Figure 1 Flow diagram of search strategy and study selection. 

TABLE 1 Baseline characteristics of the study populations in our meta-analysis. 

Study Country Ethnicity Year Design Sample source DM type Groups Age, years Males (%) DM duration (y) BMI (kg/m2 ) HbA1c (%)
DR NDR DR NDR DR NDR DR NDR DR NDR
Balasubbu 2010 South India Asian 2010 Case-control HB T2DM PE1:DR=345;
NDR=359
PE2:DR=100;
NDR=90
PE1:
57±9 PE2:
57±8
PE1:
59±11
PE2:
58±10
PE1:
70.0
PE2:
56.7
PE1:
58.0 PE2:
57.6
PE1:
14±9
PE2:
14±9
PE1:
12±6
PE2:
14±5
NA NA PE1:
6.4±1.6
PE2:
7.6±1.7
PE1:
6.4±1.2
PE2:
7.0± 1.7
Globocnik 2003 Slovenia Caucasian 2003 Case-control HB T2DM DR=116(PDR=76,
NPDR=40);
NDR=70
66.1± 8.6 70.0±9.2 44 42.9 18.8±8.7 17.2± 6.9 27.8± 4.5 27.7± 4.4 8.3±1.9 8.2± 1.6
Gu 2014 China,Wuxi Asian 2014 Case-control PB T2DM DR=92;
NDR=93;
HC=120
63.60 ± 7.23 61.85 ±9.06 48.9 49.5 NA NA 24.40 ± 2.98 24.93 ± 3.85 8.78 ±2.11 8.38 ±2.35
Hudson 2001 UK,Leeds Caucasian 2001 Case-control HB T2DM DR=106;
NDR=109;
HC=113
NA NA NA NA NA NA NA NA NA NA
Lindholm 2006 Sweden Caucasian 2006 Case-control HB T1DM T2DM T1DM=867(DR=312);
T2DM=2467(DR=278);
HC =205
NA NA NA NA NA NA NA NA NA NA
Lindholm 2008 Sweden Caucasian 2008 Case-control HB T1DM T2DM T1DM=742(DR=315);
T2DM=2957(DR=298);
HC =206
NA NA NA NA NA NA NA NA NA NA
Ramprasad 2007 South India Asian 2007 Case-control HB T2DM DR=190(PDR=57,NPD
R=133);NDR=189; HC=149
NPDR: 59 ±8; PDR: 59 ±8 63±9 NPDR:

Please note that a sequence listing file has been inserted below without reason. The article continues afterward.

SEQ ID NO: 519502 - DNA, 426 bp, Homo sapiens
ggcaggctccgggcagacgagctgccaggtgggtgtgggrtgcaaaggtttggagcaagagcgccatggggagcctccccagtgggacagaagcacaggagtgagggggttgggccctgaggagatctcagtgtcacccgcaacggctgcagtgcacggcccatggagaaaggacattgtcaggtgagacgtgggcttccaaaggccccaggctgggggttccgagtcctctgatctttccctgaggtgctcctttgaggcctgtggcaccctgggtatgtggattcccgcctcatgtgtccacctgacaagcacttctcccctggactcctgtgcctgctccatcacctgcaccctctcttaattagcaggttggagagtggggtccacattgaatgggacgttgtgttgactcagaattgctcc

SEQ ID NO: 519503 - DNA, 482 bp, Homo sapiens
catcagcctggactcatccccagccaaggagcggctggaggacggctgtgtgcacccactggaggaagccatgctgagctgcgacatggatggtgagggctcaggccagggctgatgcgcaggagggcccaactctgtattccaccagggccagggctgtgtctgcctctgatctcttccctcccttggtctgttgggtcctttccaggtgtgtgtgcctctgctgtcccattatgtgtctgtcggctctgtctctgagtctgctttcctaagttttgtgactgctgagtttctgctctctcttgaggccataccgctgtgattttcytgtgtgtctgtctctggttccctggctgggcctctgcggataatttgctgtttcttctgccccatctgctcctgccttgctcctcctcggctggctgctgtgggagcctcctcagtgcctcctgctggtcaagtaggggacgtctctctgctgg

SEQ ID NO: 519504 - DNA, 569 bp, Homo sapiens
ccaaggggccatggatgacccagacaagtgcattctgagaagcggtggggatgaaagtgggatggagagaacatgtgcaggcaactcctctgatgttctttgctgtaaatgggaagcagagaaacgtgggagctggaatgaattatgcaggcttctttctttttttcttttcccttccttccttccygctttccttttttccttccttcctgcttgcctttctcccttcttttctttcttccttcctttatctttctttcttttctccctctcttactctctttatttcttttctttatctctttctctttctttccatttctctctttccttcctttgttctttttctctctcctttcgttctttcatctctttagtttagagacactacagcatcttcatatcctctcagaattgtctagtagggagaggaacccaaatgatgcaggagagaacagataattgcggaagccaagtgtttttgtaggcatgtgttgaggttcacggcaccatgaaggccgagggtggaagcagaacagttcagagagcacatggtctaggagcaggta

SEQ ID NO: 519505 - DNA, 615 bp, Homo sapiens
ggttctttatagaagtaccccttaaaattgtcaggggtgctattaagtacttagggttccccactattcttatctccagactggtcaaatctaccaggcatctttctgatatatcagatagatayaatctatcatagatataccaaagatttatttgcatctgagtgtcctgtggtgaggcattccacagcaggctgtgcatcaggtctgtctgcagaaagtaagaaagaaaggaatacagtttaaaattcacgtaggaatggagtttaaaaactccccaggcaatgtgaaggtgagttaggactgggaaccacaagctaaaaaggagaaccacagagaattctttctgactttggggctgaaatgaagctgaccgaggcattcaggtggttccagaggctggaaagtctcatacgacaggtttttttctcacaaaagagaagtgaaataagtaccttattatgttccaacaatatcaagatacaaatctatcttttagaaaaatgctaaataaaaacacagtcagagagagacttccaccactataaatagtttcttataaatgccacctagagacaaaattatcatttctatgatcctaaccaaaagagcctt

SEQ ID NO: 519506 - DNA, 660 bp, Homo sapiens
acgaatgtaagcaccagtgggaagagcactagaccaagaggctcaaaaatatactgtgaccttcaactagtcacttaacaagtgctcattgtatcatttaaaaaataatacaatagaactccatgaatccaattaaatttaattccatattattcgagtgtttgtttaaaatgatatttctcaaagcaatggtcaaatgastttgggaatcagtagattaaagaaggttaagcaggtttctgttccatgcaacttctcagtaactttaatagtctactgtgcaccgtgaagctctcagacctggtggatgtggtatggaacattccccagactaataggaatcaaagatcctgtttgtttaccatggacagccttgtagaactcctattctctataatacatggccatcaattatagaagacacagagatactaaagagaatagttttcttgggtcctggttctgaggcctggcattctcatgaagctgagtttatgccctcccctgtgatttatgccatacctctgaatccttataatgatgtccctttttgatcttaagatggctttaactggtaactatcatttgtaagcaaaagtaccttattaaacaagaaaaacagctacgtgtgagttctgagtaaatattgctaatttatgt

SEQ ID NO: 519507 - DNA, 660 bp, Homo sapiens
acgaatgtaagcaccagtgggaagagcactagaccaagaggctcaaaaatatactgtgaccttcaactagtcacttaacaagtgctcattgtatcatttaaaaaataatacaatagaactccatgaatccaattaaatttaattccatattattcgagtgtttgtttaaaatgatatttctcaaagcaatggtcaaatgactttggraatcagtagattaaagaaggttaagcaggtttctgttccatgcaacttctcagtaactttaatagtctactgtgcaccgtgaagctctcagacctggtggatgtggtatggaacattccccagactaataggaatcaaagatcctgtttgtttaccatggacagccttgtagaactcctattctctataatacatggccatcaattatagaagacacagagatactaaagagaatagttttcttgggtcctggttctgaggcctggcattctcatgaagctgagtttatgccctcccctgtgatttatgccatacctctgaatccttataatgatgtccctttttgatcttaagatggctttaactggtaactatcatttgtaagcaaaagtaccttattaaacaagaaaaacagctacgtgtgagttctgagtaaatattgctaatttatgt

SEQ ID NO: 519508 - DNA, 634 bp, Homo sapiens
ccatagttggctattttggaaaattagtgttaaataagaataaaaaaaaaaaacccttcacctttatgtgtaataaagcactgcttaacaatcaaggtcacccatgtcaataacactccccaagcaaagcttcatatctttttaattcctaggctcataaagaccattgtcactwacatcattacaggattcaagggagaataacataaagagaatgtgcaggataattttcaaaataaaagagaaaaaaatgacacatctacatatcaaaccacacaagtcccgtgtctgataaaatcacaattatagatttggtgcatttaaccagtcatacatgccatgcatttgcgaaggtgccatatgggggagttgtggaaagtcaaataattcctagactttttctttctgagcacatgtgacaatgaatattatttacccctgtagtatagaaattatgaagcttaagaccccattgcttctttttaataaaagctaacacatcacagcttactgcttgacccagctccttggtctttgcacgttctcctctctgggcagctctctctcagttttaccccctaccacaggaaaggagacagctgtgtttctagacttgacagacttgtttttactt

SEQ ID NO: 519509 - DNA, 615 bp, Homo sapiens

49PDR:70
69 NPDR:
20 ±6;
PDR:
20±8
21±5 NA NA NPDR:
8.6±1.9
PDR:
8.9±1.7
8.1± 1.6
Santos 2005 Brazil Caucasian 2005 Case-control HB T2DM PDR+=46,
PDR-=126*
NA NA NA NA NA NA NA NA NA NA
Z.X.Ng 2012 Malaysia Asian 2012 Case-control HB T2DM DR=171;NDR=171;
HC=235
56.1 ±10.1 59.2 ± 9.6 57.3 58.5 14.8±8.6 10.4± 7.9 26.4± 5.3 27.2± 4.4 9.0±2.1 7.9± 1.8

DM: diabetes mellitus; T1DM: type 1 diabetes mellitus; T2DM: type 2 diabetes mellitus; DR: diabetic retinopathy; PDR: proliferative DR; NPDR: non-proliferative DR; HB: hospital-based selection; PB: population-based selection; BMI: body mass index; HbA1C: glycated hemoglobin; PE1: patient enrollment 1; PE2: patient enrollment 2; HC: healthy control; NA: not available.

*PDR-: without DR plus NPDR.

Association of rs1057035 and overall cancer susceptibility

When we pooled all the results of the studies included in our analysis, the results showed that RAGE -374T/A polymorphism was significantly associated with increased DR risk in dominant (TA/AA vs. TT: OR=1.22, 95CI 1.05-1.41, p=0.006) and heterozygote (TA vs. TT: OR=1.26, 95CI 1.07-1.47, p=0.005) models. However, there was no association between RAGE -374T/A polymorphism and DR risk in allelic comparison, homozygote model, and recessive model. Subgroup analysis by ethnicity showed that significantly increased DR risk was found in Asian populations (TA/AA vs. TT: OR=1.22, 95CI 1.05-1.41, p=0.006; AA vs. TT/TA: OR=2.92, 95CI 1.47-7.48, p=0.030; AA vs. TT: OR=3.17, 95CI 1.23-8.16, p=0.020), and in Caucasian populations (AA vs. TT: OR=1.24, 95CI 1.03-1.50, p=0.030). When stratified by case sample size, significantly increased DR risk was observed in case sample size ≥ 150 group (TA vs. TT: OR=1.22, 95CI 1.02-1.45, p=0.030), but not in case sample size < 150 group in any of the models (Table 2).